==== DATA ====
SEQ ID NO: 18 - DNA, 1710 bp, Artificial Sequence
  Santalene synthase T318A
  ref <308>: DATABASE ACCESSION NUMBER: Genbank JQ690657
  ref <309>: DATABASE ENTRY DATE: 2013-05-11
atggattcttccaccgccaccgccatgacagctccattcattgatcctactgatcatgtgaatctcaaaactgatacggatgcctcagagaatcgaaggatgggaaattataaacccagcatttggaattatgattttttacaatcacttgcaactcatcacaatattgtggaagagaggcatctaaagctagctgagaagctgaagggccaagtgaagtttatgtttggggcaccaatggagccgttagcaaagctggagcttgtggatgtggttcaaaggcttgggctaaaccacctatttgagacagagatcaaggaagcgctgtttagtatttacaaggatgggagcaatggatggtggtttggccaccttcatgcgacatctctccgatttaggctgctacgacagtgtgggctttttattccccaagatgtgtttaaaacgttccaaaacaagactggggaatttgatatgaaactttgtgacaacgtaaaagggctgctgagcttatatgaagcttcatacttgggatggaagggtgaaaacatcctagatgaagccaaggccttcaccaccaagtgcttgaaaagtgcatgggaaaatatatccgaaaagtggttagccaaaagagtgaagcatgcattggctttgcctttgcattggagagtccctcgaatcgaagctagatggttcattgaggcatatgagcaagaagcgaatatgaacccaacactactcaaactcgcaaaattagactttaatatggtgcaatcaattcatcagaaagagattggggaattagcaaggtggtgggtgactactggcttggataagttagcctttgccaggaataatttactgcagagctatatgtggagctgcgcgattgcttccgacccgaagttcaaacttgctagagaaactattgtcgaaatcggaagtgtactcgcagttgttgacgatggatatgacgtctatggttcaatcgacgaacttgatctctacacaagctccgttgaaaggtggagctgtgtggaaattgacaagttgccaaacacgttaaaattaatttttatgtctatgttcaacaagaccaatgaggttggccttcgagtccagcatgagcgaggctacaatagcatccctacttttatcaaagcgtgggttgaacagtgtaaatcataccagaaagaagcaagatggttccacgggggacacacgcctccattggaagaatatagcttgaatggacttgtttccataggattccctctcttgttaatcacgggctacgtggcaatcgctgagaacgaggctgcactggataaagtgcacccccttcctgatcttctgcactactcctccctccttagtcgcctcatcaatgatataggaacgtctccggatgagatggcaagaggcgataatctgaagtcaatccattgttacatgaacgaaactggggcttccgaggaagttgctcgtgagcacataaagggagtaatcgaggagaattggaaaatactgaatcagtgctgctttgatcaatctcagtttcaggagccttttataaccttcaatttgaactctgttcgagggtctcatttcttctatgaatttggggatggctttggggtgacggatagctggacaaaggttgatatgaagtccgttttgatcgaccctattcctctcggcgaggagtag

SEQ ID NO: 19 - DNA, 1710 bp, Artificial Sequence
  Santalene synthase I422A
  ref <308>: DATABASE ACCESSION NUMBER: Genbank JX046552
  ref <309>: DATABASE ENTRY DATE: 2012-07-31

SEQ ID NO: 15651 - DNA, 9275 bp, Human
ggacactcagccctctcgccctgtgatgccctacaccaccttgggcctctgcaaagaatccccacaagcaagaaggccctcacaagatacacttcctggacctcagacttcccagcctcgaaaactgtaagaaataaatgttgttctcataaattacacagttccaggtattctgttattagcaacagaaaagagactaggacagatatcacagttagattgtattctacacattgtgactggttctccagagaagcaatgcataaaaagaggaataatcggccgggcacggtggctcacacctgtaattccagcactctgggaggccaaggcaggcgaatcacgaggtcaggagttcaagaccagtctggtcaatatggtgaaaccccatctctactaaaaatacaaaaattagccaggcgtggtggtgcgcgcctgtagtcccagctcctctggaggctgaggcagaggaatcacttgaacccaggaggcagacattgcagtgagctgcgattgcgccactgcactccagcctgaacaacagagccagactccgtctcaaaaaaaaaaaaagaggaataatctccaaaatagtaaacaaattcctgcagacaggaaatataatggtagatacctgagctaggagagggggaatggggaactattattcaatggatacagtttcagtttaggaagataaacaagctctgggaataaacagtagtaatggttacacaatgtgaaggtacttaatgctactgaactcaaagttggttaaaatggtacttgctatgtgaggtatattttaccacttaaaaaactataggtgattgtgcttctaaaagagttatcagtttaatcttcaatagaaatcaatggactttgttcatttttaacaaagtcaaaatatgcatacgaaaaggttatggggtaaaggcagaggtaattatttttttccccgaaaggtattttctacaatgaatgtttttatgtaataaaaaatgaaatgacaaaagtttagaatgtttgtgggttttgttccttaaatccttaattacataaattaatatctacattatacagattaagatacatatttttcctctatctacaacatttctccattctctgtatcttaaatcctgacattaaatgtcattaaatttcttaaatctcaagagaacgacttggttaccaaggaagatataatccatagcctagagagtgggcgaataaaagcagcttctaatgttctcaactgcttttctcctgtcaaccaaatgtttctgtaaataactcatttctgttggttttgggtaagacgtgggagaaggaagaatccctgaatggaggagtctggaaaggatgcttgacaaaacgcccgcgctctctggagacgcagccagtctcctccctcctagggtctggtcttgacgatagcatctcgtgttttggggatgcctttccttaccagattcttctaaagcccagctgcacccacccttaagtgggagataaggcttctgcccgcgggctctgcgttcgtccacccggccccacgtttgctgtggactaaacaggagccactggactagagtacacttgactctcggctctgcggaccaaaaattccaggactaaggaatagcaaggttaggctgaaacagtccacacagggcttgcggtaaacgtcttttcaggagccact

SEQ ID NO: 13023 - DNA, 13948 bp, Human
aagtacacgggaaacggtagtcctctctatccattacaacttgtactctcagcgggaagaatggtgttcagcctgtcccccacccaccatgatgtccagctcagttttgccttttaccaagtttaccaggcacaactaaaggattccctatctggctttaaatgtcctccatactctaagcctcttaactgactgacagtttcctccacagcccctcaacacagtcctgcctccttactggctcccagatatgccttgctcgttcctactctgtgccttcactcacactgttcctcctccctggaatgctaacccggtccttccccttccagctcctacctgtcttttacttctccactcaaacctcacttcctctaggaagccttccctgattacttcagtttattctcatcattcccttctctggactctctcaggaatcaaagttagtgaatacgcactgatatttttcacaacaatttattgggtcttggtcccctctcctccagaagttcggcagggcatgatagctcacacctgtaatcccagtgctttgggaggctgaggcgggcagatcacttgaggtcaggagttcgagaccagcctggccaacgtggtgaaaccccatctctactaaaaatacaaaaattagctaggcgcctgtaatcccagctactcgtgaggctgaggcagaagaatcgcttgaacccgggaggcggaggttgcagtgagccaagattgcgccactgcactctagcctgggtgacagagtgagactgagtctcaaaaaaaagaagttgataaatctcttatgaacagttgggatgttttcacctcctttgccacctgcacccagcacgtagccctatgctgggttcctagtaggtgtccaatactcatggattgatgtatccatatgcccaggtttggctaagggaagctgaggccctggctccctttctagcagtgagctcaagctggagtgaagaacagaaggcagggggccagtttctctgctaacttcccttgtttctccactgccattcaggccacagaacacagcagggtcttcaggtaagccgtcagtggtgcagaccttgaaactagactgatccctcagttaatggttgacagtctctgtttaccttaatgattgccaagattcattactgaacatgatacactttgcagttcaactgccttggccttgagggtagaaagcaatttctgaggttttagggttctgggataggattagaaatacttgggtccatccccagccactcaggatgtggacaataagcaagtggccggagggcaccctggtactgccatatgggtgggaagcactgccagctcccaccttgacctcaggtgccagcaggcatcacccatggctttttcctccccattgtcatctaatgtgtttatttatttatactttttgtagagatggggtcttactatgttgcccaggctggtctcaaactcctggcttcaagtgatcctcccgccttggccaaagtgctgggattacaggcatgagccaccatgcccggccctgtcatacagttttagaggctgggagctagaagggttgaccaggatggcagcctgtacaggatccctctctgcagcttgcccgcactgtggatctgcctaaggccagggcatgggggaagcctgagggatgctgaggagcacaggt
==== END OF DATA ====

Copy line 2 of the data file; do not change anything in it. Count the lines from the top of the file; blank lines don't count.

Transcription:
  Santalene synthase T318A